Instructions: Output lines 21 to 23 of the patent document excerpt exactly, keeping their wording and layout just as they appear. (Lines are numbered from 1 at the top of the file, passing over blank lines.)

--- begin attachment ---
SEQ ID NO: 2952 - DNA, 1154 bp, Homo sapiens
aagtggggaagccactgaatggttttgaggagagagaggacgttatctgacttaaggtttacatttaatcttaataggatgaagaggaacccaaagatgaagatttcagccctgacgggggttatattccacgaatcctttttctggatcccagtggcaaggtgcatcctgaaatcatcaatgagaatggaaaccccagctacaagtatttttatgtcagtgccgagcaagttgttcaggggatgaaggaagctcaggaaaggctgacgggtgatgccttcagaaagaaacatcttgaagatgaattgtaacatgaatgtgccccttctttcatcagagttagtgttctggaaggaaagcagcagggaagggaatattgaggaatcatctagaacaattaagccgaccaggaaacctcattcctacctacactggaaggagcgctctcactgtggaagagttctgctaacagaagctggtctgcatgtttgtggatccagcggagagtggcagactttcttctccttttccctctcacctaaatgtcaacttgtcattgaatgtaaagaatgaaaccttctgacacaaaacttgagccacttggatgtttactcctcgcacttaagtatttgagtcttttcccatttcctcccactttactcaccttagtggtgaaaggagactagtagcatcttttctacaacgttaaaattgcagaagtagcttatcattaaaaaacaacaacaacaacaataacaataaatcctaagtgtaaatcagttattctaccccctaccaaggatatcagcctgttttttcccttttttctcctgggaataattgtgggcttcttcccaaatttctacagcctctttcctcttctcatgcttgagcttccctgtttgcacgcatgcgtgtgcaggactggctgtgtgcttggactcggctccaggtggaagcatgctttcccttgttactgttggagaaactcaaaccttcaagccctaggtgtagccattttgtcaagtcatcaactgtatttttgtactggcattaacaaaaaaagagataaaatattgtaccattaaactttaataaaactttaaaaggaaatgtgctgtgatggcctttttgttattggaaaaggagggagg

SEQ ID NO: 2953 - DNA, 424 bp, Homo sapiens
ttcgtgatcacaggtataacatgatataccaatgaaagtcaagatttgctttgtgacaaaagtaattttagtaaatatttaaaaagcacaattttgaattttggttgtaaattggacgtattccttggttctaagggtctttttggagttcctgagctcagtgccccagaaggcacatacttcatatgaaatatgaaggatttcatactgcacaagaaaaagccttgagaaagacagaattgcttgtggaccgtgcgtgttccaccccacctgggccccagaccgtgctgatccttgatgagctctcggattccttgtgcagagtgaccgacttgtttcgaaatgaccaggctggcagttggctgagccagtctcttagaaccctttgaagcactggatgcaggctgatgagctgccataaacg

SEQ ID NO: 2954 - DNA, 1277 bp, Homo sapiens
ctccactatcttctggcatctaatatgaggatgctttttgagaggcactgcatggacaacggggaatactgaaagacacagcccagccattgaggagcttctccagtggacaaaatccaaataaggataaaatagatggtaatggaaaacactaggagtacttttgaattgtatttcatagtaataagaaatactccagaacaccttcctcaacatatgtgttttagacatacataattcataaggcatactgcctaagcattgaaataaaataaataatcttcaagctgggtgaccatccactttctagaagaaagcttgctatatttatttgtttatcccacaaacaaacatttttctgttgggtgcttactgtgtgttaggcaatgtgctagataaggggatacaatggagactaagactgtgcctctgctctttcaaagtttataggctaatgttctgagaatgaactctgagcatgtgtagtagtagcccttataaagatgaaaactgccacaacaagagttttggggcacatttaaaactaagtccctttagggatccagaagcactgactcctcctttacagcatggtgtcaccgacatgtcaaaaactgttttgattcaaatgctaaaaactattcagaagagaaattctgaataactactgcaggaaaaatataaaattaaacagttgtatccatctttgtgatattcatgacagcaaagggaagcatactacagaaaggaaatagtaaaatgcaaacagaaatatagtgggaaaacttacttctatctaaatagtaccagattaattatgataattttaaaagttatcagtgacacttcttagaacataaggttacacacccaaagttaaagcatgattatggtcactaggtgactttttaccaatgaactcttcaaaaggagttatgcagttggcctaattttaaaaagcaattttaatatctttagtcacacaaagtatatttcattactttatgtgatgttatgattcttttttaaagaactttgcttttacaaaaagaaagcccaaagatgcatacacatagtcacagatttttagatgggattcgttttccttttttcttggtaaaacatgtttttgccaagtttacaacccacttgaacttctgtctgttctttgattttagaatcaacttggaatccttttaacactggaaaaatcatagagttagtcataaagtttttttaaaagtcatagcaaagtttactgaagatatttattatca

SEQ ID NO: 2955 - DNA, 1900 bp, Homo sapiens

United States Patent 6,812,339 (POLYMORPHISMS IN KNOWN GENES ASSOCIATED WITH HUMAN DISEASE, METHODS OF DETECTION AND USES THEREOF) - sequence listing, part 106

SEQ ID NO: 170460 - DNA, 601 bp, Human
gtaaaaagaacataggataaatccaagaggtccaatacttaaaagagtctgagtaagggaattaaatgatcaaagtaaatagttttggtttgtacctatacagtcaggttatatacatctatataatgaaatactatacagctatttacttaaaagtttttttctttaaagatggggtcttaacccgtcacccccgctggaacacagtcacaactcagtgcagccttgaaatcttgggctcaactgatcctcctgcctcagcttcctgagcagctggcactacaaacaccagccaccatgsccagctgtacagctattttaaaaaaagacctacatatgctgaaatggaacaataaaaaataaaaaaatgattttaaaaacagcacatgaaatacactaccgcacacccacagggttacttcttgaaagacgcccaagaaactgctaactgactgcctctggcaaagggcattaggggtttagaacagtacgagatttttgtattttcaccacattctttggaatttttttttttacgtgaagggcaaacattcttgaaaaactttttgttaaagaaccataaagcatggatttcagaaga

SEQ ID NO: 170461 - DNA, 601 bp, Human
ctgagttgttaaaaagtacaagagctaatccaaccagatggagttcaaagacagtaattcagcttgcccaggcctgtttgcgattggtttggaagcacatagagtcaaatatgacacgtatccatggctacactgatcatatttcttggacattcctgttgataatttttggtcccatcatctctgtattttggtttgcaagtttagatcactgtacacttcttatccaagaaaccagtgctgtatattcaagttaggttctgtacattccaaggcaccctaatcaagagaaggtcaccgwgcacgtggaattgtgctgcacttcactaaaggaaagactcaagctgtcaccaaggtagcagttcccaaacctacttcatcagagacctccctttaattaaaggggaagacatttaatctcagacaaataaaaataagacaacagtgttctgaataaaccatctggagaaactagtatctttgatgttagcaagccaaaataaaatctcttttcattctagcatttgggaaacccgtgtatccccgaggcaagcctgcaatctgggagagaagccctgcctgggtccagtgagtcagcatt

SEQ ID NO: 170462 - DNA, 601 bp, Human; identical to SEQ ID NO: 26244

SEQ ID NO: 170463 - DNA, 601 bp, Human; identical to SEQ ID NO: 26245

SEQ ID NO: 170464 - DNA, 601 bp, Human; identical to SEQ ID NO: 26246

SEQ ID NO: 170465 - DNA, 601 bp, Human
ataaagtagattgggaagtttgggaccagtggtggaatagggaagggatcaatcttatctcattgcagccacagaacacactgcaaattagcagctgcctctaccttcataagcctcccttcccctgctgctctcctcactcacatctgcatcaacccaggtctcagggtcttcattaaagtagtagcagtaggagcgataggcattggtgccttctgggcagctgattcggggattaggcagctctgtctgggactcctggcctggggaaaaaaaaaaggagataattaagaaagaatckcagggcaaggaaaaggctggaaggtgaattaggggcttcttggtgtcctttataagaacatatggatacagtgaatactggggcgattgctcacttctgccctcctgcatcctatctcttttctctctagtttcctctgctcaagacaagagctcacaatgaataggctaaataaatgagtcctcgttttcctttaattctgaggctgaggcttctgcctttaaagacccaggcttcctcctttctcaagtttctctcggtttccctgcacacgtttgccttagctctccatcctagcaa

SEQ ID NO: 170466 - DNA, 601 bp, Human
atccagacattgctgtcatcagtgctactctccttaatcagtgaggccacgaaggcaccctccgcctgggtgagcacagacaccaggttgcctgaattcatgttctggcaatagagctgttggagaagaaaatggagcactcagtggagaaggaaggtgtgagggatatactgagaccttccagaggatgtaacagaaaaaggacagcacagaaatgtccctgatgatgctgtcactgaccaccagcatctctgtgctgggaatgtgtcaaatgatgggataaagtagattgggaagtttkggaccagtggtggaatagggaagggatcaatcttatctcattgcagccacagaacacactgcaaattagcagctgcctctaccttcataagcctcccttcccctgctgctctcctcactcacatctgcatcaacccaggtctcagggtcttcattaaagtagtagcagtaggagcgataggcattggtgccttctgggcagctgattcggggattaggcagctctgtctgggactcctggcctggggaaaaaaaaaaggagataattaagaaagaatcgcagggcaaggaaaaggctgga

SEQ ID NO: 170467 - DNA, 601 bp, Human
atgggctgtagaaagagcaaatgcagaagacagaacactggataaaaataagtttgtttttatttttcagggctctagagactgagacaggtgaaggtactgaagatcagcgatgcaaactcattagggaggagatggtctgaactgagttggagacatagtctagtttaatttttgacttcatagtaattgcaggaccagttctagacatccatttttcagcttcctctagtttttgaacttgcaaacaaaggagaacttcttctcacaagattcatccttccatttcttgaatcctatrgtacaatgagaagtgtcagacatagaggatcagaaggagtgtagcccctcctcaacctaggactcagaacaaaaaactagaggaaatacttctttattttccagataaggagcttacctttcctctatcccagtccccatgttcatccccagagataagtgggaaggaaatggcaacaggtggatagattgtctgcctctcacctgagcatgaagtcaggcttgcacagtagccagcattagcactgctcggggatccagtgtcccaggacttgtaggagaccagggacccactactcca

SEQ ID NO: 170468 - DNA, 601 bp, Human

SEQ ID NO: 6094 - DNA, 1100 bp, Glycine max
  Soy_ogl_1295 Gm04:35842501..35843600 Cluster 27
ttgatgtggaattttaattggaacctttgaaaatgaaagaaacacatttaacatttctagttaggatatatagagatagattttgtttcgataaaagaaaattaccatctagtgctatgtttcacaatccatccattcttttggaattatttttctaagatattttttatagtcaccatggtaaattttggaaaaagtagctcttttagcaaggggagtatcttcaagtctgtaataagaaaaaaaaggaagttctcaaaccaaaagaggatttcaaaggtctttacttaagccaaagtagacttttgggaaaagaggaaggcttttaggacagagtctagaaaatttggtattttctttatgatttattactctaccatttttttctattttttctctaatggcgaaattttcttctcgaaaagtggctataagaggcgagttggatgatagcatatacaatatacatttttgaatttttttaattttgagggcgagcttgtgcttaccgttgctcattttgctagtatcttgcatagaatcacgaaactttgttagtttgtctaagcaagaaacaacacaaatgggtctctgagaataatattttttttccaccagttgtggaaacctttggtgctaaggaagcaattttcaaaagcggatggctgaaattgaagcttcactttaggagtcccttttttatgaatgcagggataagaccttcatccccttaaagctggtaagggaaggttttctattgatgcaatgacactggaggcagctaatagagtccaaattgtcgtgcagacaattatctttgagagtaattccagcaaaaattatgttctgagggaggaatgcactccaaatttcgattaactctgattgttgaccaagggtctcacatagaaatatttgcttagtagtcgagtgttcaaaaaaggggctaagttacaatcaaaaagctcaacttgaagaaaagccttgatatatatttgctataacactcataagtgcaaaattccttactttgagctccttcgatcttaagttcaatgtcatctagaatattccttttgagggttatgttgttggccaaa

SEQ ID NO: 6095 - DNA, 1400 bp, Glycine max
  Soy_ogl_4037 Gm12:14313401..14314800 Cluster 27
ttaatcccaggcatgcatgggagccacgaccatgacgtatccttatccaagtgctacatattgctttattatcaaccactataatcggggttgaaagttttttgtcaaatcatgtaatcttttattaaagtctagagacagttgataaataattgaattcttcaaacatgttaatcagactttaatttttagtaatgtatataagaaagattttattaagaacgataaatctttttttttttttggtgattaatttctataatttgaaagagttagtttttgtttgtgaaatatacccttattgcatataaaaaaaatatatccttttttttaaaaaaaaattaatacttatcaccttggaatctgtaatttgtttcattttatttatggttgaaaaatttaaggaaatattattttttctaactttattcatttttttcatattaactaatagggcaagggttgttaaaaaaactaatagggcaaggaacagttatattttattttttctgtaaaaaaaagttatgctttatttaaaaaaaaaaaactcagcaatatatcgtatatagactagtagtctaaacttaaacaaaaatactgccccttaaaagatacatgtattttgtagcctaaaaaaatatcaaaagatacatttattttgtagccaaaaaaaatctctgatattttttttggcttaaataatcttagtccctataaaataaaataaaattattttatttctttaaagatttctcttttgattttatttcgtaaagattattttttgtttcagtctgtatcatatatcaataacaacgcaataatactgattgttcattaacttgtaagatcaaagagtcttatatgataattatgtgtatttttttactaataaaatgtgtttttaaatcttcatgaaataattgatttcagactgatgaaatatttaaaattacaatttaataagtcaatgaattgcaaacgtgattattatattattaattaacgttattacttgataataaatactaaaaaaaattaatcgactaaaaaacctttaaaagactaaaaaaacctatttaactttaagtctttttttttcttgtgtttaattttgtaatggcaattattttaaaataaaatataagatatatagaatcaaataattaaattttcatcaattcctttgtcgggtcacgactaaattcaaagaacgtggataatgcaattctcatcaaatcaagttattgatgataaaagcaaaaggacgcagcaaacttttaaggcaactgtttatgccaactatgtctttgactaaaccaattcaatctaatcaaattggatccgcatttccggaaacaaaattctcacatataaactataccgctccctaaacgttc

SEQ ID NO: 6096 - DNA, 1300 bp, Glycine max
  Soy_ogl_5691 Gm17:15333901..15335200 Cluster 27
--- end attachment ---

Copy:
atgggctgtagaaagagcaaatgcagaagacagaacactggataaaaataagtttgtttttatttttcagggctctagagactgagacaggtgaaggtactgaagatcagcgatgcaaactcattagggaggagatggtctgaactgagttggagacatagtctagtttaatttttgacttcatagtaattgcaggaccagttctagacatccatttttcagcttcctctagtttttgaacttgcaaacaaaggagaacttcttctcacaagattcatccttccatttcttgaatcctatrgtacaatgagaagtgtcagacatagaggatcagaaggagtgtagcccctcctcaacctaggactcagaacaaaaaactagaggaaatacttctttattttccagataaggagcttacctttcctctatcccagtccccatgttcatccccagagataagtgggaaggaaatggcaacaggtggatagattgtctgcctctcacctgagcatgaagtcaggcttgcacagtagccagcattagcactgctcggggatccagtgtcccaggacttgtaggagaccagggacccactactcca

SEQ ID NO: 170468 - DNA, 601 bp, Human

SEQ ID NO: 6094 - DNA, 1100 bp, Glycine max